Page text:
Virus particles that have been already adsorbed or "trapped" on the grid by ISEM are further incubated with the same specific anti body but at a lower dilution. This has the effect of "decorating" or coating the virus particles individually, thus specifically identifying them (; see Note 15). Such flexibility is extremely valuable especially in diagnostic situations for the identification of unknown viruses or for differentiating morphologically identical viruses in mixed infections (10).
1. Using a variable volume pipet dilute required specific antiserum (see Note 2) to 1:500 in phosphate buffer pH 6.5 (see Note 4) in a 0.5-mL microfuge tube.
2. In a Parafilm lined Petri dish, place 20-^L drops of the diluted antiserum (see Note 5) and, using the watchmaker's forceps, float carbon-coated grids (see Note 6), carbon-side down, on them. Incubate at room temperature for 15 min (see Note 7).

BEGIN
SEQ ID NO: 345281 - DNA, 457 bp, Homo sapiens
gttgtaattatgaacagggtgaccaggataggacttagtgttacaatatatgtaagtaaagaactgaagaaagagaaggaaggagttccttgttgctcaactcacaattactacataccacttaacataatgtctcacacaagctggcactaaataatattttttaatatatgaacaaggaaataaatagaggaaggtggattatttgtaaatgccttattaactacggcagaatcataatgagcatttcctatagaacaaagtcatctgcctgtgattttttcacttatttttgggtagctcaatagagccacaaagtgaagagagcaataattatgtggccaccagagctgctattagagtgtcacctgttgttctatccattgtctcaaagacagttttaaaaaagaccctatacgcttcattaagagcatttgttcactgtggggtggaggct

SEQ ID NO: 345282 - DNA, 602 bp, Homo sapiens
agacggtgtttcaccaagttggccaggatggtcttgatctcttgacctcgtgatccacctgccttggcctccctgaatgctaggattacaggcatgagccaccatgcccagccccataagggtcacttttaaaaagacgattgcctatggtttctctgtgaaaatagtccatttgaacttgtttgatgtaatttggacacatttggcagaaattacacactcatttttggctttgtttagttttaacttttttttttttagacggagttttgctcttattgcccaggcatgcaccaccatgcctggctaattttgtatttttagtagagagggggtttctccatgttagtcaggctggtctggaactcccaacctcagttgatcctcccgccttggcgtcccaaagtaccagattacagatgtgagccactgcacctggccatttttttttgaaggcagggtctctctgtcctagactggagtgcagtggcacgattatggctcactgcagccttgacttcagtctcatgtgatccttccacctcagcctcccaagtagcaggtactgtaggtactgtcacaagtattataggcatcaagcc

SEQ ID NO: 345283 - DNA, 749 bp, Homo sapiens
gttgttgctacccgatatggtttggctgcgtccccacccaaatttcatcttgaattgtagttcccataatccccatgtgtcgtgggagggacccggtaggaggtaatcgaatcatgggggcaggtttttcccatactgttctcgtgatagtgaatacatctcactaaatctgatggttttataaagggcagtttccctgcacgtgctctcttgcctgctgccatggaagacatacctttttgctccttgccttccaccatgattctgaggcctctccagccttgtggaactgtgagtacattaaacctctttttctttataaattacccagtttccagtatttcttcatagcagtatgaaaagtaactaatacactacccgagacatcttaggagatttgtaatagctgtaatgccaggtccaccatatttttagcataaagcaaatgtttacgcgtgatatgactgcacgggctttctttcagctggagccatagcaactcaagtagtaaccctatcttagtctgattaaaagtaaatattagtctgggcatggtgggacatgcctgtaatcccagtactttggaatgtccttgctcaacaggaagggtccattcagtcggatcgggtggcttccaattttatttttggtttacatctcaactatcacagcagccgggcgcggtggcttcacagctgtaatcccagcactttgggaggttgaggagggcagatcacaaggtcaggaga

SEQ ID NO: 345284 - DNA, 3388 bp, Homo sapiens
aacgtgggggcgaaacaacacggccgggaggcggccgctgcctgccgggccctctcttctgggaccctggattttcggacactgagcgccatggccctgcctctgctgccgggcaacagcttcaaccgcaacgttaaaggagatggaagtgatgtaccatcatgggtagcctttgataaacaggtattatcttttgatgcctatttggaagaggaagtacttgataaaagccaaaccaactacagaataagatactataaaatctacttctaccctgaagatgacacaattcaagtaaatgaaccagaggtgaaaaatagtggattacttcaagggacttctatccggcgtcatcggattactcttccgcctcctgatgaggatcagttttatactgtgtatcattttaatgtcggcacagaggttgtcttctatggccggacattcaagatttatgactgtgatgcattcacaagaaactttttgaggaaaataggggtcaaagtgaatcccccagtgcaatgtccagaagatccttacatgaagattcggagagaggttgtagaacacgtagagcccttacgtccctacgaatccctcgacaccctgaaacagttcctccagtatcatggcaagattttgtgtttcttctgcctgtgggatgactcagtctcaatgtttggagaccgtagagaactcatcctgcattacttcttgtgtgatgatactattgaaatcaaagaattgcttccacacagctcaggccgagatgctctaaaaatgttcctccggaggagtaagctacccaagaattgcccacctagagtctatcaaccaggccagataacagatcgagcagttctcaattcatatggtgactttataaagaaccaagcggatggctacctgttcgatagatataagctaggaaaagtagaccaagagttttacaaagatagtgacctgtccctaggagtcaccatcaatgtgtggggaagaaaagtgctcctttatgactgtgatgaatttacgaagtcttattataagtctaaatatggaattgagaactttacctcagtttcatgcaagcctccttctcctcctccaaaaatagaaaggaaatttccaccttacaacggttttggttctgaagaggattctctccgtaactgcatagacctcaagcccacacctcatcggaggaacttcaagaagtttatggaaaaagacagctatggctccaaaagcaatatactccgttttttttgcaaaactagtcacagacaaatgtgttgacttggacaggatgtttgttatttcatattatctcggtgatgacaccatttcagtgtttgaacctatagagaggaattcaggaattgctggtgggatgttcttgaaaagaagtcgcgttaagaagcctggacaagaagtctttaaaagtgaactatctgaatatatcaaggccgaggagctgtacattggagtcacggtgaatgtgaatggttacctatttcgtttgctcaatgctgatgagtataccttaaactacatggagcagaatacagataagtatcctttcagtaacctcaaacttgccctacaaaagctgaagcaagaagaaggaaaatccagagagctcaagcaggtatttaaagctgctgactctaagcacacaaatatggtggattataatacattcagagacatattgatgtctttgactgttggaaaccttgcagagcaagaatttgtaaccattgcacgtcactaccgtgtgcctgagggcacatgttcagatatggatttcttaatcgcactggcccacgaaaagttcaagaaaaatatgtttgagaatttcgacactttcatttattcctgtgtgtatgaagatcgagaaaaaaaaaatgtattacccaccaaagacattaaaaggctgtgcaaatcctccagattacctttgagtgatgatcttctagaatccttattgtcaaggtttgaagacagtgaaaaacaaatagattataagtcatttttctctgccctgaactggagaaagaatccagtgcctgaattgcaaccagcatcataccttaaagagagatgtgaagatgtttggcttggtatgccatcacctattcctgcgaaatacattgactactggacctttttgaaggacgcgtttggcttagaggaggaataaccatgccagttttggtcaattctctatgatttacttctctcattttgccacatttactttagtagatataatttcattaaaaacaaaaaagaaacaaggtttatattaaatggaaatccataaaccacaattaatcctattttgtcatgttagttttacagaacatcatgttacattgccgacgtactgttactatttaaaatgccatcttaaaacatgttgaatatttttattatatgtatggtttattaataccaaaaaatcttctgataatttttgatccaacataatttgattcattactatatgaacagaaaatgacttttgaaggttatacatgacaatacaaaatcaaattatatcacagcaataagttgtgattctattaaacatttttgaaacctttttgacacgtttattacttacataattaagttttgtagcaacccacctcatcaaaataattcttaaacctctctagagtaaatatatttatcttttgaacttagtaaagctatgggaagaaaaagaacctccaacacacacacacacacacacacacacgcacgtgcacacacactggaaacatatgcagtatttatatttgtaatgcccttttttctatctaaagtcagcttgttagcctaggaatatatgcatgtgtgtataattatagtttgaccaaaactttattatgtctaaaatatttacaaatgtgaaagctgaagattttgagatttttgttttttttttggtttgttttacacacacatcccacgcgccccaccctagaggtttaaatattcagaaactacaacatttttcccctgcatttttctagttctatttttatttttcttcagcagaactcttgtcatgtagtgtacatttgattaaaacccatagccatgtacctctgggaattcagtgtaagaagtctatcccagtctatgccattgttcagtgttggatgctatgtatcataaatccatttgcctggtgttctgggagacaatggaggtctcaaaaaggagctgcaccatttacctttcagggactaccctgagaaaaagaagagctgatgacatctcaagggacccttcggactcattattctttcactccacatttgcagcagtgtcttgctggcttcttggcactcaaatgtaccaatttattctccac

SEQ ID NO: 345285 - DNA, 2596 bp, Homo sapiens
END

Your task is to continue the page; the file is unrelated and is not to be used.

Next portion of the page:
3. Grind infected material in a muslin-lined bag in 0.06 M phosphate buffer, pH 6.5, with a hand grinder (see Note 10) to a dilution of 1:10.
4. Place 20-^L drops of sap extract on Parafilm in a Petri dish
5. Hold the antiserum coated grids in the forceps and wash with 20 drops of phosphate buffer ph 6.5, in a constant stream using a Pasteur pipet, on the treated side (see Note 11). Drain excess liquid with filter paper and place on sap for 15 min at room temperature (see Note 7)
6. Dilute specific antiserum to 1:100 (see Note 3) in a 0.5-mL microfuge tube and place 20-^L drops on Parafilm in a Petri dish.
7. Wash the grids with 20 drops of buffer and drain as before. Place them on the diluted antibody and incubate for 15 min at room temperature (see Note 7).
8. Wash the grids with 20 drops of distilled water and stain with three to five drops of 2% uranyl acetate (see Note 12), draining as before (see Note 14).
Was this article helpful?